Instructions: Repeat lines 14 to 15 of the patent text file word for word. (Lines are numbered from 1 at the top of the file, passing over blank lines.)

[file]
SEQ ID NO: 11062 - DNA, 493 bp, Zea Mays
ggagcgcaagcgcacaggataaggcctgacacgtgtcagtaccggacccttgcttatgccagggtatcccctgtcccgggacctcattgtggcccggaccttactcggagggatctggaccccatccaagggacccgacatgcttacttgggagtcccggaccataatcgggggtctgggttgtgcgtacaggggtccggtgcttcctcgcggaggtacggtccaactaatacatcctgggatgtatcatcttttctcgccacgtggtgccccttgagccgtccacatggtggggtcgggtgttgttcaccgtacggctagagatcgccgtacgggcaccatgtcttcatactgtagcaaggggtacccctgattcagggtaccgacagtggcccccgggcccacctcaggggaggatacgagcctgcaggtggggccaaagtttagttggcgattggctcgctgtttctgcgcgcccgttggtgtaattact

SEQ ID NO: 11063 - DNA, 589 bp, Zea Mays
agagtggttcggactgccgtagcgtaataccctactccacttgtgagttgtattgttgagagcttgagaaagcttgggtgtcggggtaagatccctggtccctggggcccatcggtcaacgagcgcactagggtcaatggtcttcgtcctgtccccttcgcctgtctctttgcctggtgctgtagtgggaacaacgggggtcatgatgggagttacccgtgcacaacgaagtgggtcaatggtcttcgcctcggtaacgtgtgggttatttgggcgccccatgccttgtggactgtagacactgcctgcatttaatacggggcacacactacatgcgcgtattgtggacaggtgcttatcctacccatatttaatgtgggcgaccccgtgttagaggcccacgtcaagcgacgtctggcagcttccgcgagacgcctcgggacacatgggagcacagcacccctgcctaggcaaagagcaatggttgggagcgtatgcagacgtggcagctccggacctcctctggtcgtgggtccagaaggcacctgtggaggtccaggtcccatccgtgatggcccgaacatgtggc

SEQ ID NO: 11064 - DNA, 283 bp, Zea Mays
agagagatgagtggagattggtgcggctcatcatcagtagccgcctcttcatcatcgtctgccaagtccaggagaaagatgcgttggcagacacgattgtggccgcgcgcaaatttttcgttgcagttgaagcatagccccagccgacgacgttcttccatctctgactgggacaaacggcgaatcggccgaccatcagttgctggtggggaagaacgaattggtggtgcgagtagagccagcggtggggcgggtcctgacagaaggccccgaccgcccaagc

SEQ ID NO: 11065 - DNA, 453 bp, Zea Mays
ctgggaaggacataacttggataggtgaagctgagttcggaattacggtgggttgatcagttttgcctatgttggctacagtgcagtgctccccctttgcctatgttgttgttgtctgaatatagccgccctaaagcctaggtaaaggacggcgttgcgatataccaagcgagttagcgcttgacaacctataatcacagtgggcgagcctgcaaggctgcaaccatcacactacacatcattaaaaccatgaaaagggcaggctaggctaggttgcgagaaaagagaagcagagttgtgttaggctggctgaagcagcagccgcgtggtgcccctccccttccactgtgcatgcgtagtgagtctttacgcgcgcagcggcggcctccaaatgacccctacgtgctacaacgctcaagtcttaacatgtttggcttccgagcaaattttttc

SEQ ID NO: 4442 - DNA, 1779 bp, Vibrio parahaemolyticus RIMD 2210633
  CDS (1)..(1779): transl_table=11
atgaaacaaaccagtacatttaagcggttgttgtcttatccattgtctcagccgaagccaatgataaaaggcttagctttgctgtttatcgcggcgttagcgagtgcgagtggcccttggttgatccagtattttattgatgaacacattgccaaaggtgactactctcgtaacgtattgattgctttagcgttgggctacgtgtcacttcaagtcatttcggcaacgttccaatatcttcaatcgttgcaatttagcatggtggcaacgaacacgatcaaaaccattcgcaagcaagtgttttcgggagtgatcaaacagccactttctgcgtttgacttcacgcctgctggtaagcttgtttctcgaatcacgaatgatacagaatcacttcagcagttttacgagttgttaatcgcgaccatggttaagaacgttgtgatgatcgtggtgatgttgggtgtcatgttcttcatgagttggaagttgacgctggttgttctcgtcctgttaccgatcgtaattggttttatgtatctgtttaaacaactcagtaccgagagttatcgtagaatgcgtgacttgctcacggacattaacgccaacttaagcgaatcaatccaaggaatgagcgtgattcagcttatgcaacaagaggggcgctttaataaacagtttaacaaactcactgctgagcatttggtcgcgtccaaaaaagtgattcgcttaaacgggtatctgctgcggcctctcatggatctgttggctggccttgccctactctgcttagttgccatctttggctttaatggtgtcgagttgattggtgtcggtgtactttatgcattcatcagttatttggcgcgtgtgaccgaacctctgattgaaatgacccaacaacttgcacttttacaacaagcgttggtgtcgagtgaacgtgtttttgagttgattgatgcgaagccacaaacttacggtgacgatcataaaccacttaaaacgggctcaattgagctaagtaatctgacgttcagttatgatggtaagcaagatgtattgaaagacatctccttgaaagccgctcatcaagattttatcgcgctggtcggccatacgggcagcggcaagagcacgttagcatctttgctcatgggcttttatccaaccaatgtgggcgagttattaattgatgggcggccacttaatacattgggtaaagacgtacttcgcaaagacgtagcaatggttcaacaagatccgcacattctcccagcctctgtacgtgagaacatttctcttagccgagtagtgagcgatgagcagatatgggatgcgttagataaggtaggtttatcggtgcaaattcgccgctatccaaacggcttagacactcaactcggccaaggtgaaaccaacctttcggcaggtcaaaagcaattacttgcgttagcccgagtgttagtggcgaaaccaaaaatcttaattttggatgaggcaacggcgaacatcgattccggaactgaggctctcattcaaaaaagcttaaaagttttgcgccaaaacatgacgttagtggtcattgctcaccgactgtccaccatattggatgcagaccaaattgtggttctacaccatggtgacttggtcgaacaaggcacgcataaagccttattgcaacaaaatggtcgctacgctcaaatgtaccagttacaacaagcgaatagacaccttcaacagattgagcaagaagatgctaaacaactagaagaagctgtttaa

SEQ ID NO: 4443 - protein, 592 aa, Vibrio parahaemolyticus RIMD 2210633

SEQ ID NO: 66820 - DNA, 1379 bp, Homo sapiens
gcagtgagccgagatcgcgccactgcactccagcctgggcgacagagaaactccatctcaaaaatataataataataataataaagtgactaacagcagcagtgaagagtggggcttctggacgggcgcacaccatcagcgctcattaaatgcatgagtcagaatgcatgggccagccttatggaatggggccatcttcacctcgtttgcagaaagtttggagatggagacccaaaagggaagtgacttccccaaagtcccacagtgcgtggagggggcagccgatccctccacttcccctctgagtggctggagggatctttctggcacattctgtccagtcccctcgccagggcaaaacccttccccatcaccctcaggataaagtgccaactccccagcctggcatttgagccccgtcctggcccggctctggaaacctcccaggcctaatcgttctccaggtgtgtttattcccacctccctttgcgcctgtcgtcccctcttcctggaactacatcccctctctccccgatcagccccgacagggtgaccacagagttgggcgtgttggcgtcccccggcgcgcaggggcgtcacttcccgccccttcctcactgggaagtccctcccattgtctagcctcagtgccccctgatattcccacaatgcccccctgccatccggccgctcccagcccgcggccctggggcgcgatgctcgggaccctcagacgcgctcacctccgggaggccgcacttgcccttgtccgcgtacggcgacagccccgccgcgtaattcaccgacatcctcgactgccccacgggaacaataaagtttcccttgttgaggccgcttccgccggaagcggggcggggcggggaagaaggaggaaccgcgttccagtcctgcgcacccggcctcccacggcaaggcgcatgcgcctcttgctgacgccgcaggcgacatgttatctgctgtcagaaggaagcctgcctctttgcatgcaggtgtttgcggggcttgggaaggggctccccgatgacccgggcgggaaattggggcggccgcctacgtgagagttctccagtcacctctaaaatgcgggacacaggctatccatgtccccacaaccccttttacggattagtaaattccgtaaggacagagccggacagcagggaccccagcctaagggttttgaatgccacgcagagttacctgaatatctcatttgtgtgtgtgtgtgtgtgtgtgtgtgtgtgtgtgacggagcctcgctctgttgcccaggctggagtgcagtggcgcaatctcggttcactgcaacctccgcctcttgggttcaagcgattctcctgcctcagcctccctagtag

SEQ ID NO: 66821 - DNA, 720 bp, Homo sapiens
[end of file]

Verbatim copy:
gcagtgagccgagatcgcgccactgcactccagcctgggcgacagagaaactccatctcaaaaatataataataataataataaagtgactaacagcagcagtgaagagtggggcttctggacgggcgcacaccatcagcgctcattaaatgcatgagtcagaatgcatgggccagccttatggaatggggccatcttcacctcgtttgcagaaagtttggagatggagacccaaaagggaagtgacttccccaaagtcccacagtgcgtggagggggcagccgatccctccacttcccctctgagtggctggagggatctttctggcacattctgtccagtcccctcgccagggcaaaacccttccccatcaccctcaggataaagtgccaactccccagcctggcatttgagccccgtcctggcccggctctggaaacctcccaggcctaatcgttctccaggtgtgtttattcccacctccctttgcgcctgtcgtcccctcttcctggaactacatcccctctctccccgatcagccccgacagggtgaccacagagttgggcgtgttggcgtcccccggcgcgcaggggcgtcacttcccgccccttcctcactgggaagtccctcccattgtctagcctcagtgccccctgatattcccacaatgcccccctgccatccggccgctcccagcccgcggccctggggcgcgatgctcgggaccctcagacgcgctcacctccgggaggccgcacttgcccttgtccgcgtacggcgacagccccgccgcgtaattcaccgacatcctcgactgccccacgggaacaataaagtttcccttgttgaggccgcttccgccggaagcggggcggggcggggaagaaggaggaaccgcgttccagtcctgcgcacccggcctcccacggcaaggcgcatgcgcctcttgctgacgccgcaggcgacatgttatctgctgtcagaaggaagcctgcctctttgcatgcaggtgtttgcggggcttgggaaggggctccccgatgacccgggcgggaaattggggcggccgcctacgtgagagttctccagtcacctctaaaatgcgggacacaggctatccatgtccccacaaccccttttacggattagtaaattccgtaaggacagagccggacagcagggaccccagcctaagggttttgaatgccacgcagagttacctgaatatctcatttgtgtgtgtgtgtgtgtgtgtgtgtgtgtgtgtgacggagcctcgctctgttgcccaggctggagtgcagtggcgcaatctcggttcactgcaacctccgcctcttgggttcaagcgattctcctgcctcagcctccctagtag

SEQ ID NO: 66821 - DNA, 720 bp, Homo sapiens